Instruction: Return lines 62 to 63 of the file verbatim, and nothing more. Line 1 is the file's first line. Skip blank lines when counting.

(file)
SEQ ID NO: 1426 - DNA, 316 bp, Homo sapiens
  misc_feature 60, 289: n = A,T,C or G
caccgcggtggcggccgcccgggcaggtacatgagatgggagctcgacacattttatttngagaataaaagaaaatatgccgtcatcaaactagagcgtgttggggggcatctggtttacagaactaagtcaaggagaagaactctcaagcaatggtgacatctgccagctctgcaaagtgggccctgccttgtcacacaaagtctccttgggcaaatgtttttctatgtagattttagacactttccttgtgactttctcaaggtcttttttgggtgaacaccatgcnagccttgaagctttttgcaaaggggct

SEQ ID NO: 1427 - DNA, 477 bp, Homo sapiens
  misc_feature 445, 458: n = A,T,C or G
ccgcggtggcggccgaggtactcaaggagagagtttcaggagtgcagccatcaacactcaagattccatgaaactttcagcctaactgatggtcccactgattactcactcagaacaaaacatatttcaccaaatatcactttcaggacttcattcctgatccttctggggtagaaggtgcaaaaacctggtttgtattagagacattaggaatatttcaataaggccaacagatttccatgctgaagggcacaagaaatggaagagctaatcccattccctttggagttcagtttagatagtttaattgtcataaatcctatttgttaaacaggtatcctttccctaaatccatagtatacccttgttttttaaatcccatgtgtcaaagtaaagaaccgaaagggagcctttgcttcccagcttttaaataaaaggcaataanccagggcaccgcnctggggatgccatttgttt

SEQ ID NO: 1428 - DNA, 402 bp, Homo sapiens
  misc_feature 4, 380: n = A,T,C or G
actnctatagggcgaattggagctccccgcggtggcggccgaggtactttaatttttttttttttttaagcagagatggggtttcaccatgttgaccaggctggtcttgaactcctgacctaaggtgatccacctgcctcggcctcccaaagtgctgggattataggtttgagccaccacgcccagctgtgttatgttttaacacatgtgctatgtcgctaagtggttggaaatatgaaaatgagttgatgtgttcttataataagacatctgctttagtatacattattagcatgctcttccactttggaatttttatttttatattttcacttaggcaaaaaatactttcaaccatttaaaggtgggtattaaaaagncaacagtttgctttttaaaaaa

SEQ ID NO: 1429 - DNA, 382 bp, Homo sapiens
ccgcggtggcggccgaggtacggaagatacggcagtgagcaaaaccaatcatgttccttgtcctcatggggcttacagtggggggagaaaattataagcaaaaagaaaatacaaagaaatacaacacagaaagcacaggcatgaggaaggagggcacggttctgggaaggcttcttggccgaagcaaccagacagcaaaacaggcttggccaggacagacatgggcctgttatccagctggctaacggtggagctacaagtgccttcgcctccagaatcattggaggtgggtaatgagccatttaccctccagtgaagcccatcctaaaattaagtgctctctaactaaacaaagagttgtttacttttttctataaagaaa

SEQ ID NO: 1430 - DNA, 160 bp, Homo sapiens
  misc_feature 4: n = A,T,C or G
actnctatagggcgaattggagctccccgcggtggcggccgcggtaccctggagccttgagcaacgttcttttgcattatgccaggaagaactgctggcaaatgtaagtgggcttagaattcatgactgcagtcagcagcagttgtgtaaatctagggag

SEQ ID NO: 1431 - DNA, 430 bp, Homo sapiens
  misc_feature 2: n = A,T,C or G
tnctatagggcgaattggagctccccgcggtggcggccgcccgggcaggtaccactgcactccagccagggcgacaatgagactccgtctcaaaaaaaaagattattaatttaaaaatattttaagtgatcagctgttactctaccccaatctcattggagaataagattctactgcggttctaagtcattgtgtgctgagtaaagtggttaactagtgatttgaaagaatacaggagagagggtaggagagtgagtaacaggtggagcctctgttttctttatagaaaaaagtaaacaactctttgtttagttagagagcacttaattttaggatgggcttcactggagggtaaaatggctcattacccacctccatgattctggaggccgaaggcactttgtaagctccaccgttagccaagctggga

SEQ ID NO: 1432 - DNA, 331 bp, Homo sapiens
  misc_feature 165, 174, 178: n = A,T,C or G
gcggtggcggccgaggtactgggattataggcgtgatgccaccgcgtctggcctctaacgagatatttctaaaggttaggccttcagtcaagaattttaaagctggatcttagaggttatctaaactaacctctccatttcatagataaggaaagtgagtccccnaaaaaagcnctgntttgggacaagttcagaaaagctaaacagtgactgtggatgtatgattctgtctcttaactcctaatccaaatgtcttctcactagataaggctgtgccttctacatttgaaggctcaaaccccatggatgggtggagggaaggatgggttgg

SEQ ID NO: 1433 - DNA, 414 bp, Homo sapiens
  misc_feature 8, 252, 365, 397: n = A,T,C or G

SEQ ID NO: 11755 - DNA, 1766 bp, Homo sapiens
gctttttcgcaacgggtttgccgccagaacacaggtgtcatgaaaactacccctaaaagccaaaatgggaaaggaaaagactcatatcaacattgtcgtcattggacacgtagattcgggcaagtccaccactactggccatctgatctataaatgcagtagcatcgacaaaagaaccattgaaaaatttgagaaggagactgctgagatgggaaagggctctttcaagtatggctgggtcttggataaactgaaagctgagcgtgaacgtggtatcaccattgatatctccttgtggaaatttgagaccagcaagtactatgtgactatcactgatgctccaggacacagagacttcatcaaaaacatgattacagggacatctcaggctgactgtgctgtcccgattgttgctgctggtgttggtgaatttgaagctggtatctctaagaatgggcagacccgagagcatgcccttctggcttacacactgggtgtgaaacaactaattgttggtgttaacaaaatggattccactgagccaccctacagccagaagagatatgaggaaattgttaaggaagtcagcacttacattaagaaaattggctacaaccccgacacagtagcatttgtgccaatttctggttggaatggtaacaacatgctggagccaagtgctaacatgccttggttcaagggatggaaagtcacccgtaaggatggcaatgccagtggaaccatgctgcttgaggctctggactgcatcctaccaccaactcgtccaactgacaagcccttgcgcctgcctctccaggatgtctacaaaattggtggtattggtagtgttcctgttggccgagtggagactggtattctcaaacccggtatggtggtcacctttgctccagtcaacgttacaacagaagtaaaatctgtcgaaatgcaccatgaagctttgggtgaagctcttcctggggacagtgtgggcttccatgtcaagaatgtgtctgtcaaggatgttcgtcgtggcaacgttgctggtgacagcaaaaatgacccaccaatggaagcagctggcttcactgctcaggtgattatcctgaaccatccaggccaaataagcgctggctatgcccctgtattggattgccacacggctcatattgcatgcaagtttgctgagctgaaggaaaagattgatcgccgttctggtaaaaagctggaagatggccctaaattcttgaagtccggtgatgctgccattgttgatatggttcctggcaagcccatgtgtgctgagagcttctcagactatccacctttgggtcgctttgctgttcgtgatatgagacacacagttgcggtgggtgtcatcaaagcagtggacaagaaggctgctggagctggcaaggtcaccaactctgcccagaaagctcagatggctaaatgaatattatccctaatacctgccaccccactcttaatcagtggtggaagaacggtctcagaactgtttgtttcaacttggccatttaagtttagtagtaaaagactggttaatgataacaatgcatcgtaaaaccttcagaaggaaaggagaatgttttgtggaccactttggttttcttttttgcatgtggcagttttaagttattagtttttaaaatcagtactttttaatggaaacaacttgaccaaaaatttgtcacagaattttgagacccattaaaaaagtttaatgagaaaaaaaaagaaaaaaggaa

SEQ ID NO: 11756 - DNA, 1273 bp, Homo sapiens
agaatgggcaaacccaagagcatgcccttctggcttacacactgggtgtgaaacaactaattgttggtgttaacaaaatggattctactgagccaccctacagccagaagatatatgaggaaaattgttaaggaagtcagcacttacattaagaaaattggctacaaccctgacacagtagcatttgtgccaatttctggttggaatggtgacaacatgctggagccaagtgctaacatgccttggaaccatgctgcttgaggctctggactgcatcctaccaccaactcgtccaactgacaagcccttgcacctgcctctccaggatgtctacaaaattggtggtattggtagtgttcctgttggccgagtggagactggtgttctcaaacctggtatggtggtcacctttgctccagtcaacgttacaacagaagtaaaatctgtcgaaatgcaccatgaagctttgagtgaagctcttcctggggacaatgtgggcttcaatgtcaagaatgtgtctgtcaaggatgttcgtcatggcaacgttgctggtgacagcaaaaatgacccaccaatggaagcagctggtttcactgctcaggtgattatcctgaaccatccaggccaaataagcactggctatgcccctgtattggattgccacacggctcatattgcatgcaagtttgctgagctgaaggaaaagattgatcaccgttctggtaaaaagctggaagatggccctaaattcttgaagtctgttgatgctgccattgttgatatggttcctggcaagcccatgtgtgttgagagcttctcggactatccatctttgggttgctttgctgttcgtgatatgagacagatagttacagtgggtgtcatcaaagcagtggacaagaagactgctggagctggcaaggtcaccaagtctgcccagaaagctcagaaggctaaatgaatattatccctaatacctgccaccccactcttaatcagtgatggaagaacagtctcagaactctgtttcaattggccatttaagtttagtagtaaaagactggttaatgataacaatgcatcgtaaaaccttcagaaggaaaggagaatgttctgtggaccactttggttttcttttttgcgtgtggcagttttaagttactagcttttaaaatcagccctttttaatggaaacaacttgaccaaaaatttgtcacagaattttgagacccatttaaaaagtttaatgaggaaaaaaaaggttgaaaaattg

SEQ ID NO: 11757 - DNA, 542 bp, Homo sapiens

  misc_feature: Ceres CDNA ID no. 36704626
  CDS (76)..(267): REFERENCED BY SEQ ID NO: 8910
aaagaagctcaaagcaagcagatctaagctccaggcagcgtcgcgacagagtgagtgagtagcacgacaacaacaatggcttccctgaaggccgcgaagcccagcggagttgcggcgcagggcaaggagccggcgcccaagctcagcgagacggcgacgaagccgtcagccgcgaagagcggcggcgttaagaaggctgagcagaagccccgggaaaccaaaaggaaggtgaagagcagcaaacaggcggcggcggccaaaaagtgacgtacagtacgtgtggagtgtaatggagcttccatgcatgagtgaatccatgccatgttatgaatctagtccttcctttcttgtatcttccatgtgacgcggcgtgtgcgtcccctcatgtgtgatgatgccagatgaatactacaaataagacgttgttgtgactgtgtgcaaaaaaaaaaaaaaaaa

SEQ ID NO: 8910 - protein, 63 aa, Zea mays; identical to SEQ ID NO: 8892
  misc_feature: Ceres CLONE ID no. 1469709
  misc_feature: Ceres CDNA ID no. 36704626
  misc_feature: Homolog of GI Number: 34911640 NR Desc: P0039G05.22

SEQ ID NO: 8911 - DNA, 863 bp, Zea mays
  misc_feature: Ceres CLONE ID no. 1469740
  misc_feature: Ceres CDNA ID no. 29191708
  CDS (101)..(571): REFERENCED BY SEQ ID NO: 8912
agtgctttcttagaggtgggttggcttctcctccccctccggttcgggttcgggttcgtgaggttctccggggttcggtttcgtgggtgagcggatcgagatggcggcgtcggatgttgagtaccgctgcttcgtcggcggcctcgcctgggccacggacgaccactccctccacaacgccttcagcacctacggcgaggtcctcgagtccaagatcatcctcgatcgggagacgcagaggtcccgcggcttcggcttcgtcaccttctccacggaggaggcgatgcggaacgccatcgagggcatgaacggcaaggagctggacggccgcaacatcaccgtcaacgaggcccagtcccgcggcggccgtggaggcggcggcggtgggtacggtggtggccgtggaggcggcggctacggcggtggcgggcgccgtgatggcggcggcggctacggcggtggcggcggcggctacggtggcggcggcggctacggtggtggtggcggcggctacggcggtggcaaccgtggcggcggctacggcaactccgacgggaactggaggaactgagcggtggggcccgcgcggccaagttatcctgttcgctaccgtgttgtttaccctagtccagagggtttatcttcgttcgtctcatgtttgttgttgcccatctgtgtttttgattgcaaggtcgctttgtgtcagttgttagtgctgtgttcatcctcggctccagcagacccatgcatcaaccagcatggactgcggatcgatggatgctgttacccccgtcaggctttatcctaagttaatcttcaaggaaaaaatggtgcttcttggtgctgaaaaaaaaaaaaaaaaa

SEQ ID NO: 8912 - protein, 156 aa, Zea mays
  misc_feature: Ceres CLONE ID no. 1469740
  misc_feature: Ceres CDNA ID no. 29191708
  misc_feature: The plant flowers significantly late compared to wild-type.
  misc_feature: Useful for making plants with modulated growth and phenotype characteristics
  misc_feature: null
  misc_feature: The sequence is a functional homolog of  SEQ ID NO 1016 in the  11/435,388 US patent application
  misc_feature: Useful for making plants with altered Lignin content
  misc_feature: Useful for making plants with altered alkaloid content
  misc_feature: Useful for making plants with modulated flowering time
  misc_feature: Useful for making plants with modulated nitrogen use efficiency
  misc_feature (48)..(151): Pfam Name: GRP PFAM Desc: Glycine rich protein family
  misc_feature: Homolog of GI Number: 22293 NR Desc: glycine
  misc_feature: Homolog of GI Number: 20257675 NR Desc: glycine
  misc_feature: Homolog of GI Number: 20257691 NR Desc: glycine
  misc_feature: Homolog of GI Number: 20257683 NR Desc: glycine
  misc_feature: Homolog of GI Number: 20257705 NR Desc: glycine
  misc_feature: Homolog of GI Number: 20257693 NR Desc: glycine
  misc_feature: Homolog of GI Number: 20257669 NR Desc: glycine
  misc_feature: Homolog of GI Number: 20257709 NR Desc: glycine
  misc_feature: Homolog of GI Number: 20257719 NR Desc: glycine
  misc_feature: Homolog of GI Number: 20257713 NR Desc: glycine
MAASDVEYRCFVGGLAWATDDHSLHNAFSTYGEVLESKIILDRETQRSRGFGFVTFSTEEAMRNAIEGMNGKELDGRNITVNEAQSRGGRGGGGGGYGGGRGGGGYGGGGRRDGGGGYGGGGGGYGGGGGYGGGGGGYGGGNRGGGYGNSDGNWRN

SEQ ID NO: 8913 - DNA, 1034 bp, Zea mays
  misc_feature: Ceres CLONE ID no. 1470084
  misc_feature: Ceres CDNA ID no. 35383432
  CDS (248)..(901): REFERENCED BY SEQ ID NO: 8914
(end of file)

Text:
MAASDVEYRCFVGGLAWATDDHSLHNAFSTYGEVLESKIILDRETQRSRGFGFVTFSTEEAMRNAIEGMNGKELDGRNITVNEAQSRGGRGGGGGGYGGGRGGGGYGGGGRRDGGGGYGGGGGGYGGGGGYGGGGGGYGGGNRGGGYGNSDGNWRN

SEQ ID NO: 8913 - DNA, 1034 bp, Zea mays